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Would YOU employ me as a piano teacher?

(96 Posts)
biryani Thu 21-Mar-13 09:44:56

I currently teach piano a bit, as a hobby, and I am wondering whether I have what it takes to be a teacher. I play a lot, and take lessons, but have no provable qualifications. I studied piano as a child to grade 6, but failed my practical and gave up. I''ve taken it back up again as a hobby. I can play some quite difficult stuff, a lot of which is through muscle memory, and I'mdI'doing a music teacher course through the Abrsm. I feel I lack credibility given the skills and qualifications of piano teachers I know of, but would YOU employ me as a teacher? Be as blunt as you like! Thanks.

LilyBolero Mon 25-Mar-13 00:00:52

At primary level can be anything from beginner to grade 8, but most commonly beginner to grade 2 or so I would think.

1805 Sun 24-Mar-13 23:15:57

grade 2 piano I can manage.

1805 Sun 24-Mar-13 23:15:25

yes! I will pass message on - but will be via 10yr old boy, so who knows when he'll remember to tell him! my dh see's N at a school they both teach at so he might be the better messenger!

schilke Sun 24-Mar-13 23:10:02

Big Nige?! (Dh's words - if so, tell him to get in touch!)
All primary school piano teaching at the moment is beginner to grade 2. He has had a private pupil pass grade 5.

chocoluvva Sun 24-Mar-13 22:51:29

IMO continuity doesn't matter - it's not good to have the same teacher for more than four or five years.

1805 Sun 24-Mar-13 22:50:57

hello schilke! I teach my kids piano - ds just started on gd 3 pieces. He has trombone lessons from someone your dh and I both used to work with!!!!!!

What level and do they usually get up to before they change schools?

schilke Sun 24-Mar-13 22:16:47

Meant to add. Dh only taken on piano at these schools because there were huge waiting lists for piano lessons. Specialist piano teacher actually asked dh to take some on. Not many seem to want to play brass. Don't know why as much more interesting.....only joking!

schilke Sun 24-Mar-13 22:09:28

1805 - dh does this wink As you know his first study is trumpet which he mainly teaches. He has grade 8 piano (million miles from professional), but does teach a few piano pupils. He was slightly worried about taking them on, but he has a teaching qualification and can teach them about being a musician. They are primary pupils and will move on when they change schools.

He would obviously be able to spot a gifted pianist. He would feel perfectly comfortable teaching them to grade 5.

VinegarDrinker Sun 24-Mar-13 20:51:24

Yes my Mum does, but is diploma level on everything she teaches (piano, viola, violin, singing).

DH does too, but his instruments are sax/clarinet so a lot more similar. He also teaches beginner recorder and has in the past taught beginner piano but only for friends' children and at mates' rates.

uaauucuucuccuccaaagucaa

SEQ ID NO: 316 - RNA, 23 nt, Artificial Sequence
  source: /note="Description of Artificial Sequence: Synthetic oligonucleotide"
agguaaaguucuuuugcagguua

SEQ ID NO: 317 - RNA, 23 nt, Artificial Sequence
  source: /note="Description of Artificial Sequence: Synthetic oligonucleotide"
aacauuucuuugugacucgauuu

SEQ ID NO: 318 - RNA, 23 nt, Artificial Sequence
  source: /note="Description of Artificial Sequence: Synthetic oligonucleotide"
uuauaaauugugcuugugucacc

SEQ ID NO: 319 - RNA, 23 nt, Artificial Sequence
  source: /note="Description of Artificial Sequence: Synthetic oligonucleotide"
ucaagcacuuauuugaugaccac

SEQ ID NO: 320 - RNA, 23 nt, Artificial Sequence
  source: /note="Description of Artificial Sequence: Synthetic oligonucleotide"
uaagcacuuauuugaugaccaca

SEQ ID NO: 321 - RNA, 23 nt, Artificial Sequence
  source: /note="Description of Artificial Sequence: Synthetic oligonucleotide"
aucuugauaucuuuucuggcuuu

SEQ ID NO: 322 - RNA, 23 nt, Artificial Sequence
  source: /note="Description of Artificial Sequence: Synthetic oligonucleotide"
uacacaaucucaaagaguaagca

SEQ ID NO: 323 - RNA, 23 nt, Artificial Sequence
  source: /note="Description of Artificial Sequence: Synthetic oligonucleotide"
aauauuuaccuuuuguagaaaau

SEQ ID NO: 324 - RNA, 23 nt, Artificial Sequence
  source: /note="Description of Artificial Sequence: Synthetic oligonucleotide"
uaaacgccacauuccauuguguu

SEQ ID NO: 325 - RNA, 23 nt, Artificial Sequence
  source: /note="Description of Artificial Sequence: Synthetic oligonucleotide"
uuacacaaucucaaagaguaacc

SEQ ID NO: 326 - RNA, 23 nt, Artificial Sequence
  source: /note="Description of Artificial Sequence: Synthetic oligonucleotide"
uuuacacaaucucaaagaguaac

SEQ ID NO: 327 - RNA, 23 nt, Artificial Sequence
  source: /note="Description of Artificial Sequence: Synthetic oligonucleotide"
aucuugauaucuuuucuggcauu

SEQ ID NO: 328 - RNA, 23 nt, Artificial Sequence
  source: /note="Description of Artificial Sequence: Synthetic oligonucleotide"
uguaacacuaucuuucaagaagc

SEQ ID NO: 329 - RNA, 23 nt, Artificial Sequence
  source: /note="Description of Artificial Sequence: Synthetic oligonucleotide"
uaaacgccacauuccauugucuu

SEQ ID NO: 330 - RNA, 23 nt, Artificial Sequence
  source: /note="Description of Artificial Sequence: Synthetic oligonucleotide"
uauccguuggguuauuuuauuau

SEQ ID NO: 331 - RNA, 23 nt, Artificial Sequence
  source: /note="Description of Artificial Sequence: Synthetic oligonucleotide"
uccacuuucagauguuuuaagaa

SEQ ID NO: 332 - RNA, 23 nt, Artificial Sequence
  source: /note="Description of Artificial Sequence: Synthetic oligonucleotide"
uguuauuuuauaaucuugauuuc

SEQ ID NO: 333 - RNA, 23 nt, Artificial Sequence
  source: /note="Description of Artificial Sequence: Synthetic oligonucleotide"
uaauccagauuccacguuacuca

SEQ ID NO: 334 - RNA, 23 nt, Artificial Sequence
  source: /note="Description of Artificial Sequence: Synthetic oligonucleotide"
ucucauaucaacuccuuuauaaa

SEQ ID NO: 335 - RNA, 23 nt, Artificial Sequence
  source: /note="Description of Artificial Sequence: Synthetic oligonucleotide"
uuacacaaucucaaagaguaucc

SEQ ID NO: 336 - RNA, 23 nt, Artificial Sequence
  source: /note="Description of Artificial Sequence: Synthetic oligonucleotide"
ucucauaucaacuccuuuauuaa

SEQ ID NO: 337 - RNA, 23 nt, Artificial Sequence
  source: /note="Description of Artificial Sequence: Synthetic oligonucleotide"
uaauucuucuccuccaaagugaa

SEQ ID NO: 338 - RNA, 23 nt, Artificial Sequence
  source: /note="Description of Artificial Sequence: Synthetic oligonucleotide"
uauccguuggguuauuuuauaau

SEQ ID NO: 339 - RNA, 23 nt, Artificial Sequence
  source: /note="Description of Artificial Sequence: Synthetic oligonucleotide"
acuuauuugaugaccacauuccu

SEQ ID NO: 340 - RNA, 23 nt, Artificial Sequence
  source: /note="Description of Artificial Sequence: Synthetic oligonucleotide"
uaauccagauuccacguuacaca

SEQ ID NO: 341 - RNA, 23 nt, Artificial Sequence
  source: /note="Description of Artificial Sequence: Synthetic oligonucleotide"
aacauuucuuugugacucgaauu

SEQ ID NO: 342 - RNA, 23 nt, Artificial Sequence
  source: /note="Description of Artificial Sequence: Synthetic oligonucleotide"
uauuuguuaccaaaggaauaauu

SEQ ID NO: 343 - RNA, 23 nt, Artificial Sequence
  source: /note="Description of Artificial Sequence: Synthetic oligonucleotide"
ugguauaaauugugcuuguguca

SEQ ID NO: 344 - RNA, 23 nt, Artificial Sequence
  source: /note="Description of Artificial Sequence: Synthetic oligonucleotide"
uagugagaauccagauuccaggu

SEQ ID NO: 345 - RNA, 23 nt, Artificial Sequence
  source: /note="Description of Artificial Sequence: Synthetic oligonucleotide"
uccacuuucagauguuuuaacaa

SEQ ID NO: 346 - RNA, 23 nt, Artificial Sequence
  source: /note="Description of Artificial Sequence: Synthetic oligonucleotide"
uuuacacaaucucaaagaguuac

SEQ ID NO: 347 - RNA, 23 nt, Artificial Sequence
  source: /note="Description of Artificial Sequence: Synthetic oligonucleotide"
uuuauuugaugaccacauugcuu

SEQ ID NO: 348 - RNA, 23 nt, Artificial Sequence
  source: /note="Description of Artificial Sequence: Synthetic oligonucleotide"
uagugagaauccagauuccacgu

If you are grade 8+ on second study (or equivalent, I wouldn't be fussed about the bit of paper) then I don't see a problem with it.

1805 Sun 24-Mar-13 20:43:57

Vinegar - but would they teach their second study instruments?

I am wondering if it's something I should do as well as my first instrument....

1805 Sun 24-Mar-13 20:41:42

Oh, her pupils don't give up at grade 3 (I don't think so anyway), but they move up to the senior school, having lessons with the piano teachers there. She only teaches at primary schools so I imagine the pupils are beginner to around grade 3 anyway.

VinegarDrinker Sun 24-Mar-13 20:32:41

Could you find work as a piano teacher, OP? Yes, probably. Especially in a rural area and if you were charging much less than professional teachers.

Would I employ you? Erm no sorry. I agree with those who have said being a good musician doesn't mean being a good teacher, but you do need a firm grip on good technique and musicianship in order to pass that on. I have seen a lot of people with shocking technique that is really hard to unlearn.

FWIW both my DM and DH are music teachers. They both went to the RAM. DM has LRAM ARCM. She also has QTS. DH has a BA in Music (with a First, from another Uni), an MMus from the RAM and the LRAM.

pianomama Sun 24-Mar-13 20:08:15

Problem is - how can you tell a whizz kid when they are beginners? Do you say to your pupils "I only teach average kids who are not expected to go pass G3 ".
By the time they are G3 they already have bad habits.What a waste of time,money and effort. Why bother at all then?
DS's first piano teacher was a bit like that and when it turned out that DS was bit of a "whizz", the teacher said something like "normally my pupils give up by about G4 so I was not sure what to do about him". We went to another teacher who was horrified by the lack of basic technique he used to play quite complex pieces and had to take him right back to basics.
DS wasn't impressed but if he stayed with the old teacher .. he probably would have given up by G4. A good teacher needs to teach them to play even the easiest pieces musically. And I would never employ a violin teacher to tech piano.

1805 Sun 24-Mar-13 19:08:38